I am certain the high RH is the issue and I am unsure how to address this beyond a dehumidifier- assuming that would even work. Since there is foam on the outside of the foundation, I believe I cannot run plastic all the way up the interior wall as this would prevent drying. However, one could argue drying could occur through the nogging. I am concerned that with the HRV out of balance it may be increasing the moisture transfer between the brick and the ground, however I am hesitant to believe this is the dominating effect. Any thoughts?

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  1. GBA Editor
    Martin Holladay | | #1

    This is the type of moisture issue which is impossible to diagnose over the Internet, but your analysis and conclusion make sense to me.

    It's possible to retrofit a capillary break (for example, stainless steel flashing) in an existing brick foundation. Here's how it's done: a section of brickwork, perhaps 12 inches wide, is dismantled and a length of flashing is inserted. Then the brickwork above the flashing is restored. Once that section is done, the next section is done in the same way. Working your way around the basement one section at a time, you can eventually install this type of capillary break all the way around.

    It's not fast or cheap, but this approach may be necessary at your house.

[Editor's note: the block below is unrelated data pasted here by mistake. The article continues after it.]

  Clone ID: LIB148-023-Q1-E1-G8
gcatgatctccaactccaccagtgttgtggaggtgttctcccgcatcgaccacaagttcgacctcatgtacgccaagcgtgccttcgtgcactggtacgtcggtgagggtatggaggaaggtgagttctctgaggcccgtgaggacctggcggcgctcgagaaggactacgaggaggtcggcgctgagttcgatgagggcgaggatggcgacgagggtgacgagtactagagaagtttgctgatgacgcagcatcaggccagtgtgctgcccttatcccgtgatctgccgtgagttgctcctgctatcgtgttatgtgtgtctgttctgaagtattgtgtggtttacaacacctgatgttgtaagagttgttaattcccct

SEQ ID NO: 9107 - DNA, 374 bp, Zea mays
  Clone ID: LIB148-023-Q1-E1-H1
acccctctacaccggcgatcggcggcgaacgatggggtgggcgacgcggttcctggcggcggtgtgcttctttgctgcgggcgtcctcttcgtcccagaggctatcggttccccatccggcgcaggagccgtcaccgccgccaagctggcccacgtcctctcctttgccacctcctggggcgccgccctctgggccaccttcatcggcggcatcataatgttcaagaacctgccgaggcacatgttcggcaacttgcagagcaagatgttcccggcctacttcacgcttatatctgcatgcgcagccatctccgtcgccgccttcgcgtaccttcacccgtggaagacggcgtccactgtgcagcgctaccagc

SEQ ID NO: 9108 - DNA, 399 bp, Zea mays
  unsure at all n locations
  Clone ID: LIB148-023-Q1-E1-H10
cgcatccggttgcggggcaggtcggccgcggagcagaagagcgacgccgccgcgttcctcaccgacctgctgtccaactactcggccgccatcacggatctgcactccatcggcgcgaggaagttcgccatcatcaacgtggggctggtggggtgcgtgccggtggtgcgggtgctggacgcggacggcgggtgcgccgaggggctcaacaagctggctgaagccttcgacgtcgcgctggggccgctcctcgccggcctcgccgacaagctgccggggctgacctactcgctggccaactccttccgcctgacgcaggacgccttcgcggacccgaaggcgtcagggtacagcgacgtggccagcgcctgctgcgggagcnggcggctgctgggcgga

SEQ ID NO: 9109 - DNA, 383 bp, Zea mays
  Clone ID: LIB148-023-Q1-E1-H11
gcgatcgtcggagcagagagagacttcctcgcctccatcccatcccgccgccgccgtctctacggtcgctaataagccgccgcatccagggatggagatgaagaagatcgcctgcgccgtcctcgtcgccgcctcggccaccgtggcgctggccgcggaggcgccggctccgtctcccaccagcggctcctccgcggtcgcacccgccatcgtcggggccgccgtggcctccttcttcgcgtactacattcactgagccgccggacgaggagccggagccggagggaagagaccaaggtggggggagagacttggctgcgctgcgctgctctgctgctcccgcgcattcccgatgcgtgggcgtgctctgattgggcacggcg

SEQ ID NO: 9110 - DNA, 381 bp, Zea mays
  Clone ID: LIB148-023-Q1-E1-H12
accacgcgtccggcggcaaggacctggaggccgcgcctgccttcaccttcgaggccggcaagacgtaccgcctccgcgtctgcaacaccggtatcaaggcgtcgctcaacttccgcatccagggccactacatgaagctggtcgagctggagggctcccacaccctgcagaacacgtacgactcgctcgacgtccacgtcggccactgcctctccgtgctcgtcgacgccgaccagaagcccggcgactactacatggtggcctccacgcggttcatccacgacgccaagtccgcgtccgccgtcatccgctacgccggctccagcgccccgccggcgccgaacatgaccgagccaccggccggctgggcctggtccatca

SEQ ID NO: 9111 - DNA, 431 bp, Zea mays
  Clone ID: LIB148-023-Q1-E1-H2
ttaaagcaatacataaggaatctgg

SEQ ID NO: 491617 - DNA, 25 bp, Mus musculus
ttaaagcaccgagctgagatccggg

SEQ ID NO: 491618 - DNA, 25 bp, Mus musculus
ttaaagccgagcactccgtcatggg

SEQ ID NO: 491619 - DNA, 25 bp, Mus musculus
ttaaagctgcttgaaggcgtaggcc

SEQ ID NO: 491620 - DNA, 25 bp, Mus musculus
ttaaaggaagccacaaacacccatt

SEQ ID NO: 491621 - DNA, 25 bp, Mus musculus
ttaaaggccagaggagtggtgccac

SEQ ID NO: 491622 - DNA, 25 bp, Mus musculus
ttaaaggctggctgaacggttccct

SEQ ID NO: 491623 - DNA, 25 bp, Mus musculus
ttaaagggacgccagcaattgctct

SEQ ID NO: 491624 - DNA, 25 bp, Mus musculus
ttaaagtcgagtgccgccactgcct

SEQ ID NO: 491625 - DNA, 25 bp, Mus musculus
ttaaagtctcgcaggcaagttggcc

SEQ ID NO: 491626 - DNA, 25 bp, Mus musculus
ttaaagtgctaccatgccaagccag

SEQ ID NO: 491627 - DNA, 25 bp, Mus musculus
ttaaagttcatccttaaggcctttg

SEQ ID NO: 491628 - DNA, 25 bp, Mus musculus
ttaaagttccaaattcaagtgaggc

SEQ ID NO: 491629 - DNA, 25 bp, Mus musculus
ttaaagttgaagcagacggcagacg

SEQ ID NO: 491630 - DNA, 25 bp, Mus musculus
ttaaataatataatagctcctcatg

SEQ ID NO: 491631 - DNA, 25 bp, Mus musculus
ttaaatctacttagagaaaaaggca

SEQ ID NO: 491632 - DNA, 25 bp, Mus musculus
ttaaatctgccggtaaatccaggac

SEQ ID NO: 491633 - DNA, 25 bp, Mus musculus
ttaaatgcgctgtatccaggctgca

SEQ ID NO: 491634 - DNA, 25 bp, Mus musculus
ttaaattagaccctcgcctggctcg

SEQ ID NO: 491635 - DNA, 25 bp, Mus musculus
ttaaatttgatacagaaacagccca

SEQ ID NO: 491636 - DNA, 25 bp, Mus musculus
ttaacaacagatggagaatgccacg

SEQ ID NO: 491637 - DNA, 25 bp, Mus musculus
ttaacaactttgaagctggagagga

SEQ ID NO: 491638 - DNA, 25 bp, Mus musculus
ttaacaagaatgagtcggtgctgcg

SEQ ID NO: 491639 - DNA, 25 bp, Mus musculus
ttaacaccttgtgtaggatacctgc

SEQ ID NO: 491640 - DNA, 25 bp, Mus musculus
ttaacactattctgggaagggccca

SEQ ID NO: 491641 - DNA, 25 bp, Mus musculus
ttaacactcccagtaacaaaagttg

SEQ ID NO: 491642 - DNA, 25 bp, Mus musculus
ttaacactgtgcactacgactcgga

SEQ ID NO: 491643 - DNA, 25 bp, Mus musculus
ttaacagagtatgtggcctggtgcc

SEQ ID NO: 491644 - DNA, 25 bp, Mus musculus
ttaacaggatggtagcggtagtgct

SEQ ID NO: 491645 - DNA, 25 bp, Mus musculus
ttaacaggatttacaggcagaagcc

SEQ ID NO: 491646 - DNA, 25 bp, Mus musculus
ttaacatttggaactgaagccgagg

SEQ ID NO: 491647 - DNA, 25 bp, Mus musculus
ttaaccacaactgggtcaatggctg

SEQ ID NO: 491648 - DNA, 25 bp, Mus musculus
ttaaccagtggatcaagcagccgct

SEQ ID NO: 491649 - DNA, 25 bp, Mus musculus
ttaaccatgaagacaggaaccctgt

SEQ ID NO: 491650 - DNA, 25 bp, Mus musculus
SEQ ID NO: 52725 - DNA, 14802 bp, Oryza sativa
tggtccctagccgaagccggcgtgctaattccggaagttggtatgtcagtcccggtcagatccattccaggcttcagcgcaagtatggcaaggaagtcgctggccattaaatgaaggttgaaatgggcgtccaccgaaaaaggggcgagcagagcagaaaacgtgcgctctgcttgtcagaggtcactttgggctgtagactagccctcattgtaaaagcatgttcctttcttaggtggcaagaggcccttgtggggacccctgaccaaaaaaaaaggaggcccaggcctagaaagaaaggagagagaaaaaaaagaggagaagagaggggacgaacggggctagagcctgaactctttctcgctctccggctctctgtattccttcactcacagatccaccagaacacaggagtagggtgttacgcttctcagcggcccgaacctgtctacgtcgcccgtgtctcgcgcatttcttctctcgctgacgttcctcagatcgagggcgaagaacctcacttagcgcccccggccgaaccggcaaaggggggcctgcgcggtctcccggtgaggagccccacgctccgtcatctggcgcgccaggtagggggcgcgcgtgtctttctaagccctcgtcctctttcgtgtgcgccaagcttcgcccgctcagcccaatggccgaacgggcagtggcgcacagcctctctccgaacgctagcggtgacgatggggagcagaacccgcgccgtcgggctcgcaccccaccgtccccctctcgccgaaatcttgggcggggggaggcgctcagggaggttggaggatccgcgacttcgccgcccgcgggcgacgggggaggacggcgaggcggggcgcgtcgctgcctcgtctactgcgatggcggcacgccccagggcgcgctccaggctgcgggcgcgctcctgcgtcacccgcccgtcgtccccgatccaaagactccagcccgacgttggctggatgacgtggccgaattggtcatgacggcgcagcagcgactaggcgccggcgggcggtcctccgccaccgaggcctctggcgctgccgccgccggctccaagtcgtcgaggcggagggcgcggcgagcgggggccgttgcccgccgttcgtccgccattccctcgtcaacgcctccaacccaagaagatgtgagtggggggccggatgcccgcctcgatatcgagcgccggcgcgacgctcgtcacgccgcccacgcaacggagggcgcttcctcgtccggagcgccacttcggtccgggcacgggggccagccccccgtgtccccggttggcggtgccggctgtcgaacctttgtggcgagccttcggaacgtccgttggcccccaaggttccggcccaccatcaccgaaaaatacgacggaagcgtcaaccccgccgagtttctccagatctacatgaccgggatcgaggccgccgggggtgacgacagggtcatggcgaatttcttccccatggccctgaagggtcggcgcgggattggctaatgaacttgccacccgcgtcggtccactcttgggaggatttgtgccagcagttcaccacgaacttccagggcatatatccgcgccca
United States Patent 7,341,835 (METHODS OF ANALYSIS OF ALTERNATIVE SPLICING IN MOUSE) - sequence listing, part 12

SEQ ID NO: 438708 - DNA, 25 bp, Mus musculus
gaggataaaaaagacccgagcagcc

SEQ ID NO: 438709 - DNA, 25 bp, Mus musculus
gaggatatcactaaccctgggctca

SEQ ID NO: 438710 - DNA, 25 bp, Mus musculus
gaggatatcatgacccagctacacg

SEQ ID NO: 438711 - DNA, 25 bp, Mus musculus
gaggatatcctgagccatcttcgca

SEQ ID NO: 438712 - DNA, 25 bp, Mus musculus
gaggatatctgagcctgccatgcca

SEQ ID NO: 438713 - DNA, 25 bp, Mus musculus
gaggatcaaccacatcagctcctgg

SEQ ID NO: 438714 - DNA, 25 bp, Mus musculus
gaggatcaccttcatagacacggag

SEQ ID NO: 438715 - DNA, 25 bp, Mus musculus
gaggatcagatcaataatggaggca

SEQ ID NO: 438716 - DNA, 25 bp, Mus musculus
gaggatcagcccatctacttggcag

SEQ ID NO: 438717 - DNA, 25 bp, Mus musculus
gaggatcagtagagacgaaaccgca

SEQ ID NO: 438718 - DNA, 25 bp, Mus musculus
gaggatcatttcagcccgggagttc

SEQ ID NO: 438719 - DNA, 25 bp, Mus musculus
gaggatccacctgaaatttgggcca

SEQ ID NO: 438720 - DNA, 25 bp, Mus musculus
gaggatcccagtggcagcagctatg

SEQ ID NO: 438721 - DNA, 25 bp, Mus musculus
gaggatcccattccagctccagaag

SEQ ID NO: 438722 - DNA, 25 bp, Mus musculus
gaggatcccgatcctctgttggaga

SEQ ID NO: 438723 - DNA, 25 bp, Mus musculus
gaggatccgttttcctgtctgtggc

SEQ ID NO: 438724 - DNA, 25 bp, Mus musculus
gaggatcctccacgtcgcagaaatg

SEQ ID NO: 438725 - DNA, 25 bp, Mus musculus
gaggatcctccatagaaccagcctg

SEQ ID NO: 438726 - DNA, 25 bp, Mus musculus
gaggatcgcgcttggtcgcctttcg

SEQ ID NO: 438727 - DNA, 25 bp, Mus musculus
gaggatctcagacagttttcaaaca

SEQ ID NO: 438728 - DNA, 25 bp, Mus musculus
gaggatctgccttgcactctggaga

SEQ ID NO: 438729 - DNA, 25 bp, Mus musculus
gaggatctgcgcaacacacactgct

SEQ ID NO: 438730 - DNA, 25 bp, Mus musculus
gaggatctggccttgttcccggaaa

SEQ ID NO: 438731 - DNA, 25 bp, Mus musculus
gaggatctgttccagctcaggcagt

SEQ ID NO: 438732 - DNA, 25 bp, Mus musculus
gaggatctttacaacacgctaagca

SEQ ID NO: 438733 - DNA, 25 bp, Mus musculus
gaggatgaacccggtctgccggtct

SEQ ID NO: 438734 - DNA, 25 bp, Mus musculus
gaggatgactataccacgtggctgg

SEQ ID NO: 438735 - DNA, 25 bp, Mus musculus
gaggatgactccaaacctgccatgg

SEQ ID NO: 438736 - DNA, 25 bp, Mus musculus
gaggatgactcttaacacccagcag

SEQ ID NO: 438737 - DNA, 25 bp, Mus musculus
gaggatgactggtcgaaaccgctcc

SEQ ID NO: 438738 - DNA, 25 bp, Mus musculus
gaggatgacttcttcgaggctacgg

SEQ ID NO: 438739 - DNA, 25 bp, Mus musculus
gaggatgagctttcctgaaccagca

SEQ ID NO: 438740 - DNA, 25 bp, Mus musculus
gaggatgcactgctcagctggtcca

2. Boro | | #2

    A couple of interior basement photos could help. I'm assuming the balloon framing begins at the 2 - 2.5' above grade? Is there a bottom plate to work with?
    Not being certain of the exact details, it sounds like Martin has your answer.
    A slightly faster and possibly cheaper solution may be to cut a kerf in the brick with a demo saw and slide metal in....and/or inject some sort of product to make that well-needed capillary break. Your 10 mil plastic in the basement should reach that break.
    Short of that, it sounds like you'll always have a constant battle between a house that is now sealed like a drum and a dedicated moisture source.
    Enjoying the freakishly warm weather this week?

  3. Oak_Orchard | | #3
    Brick and mortar wick moisture into old buildings

    Why not insulate the basement ceiling joist bays and isolate the basement from the upstairs with an effectively applied vapor barrier on the basement ceiling. This will break the climate connection between the basement and the upstairs. You can run them at different, appropriate temperatures and humidity levels and "drive" them seasonally.

    It might be easier and cheaper to insert a vapor break between the top of the brick foundation.

    Your house was built at a time when the two spaces (upstairs and basement) were not conditioned. Basements were foundations not living spaces. You might consider using a separate HRV in the living space of the house and then dehumidify/ventilate the basement as a separate and independent space (it's an open system; whereas the upstairs is a closed system)

    For climate quality and protection of the wood elements in the building, I would be more concerned with keeping the ground humidify out of the house than I would be in I incorporating the basement into the house.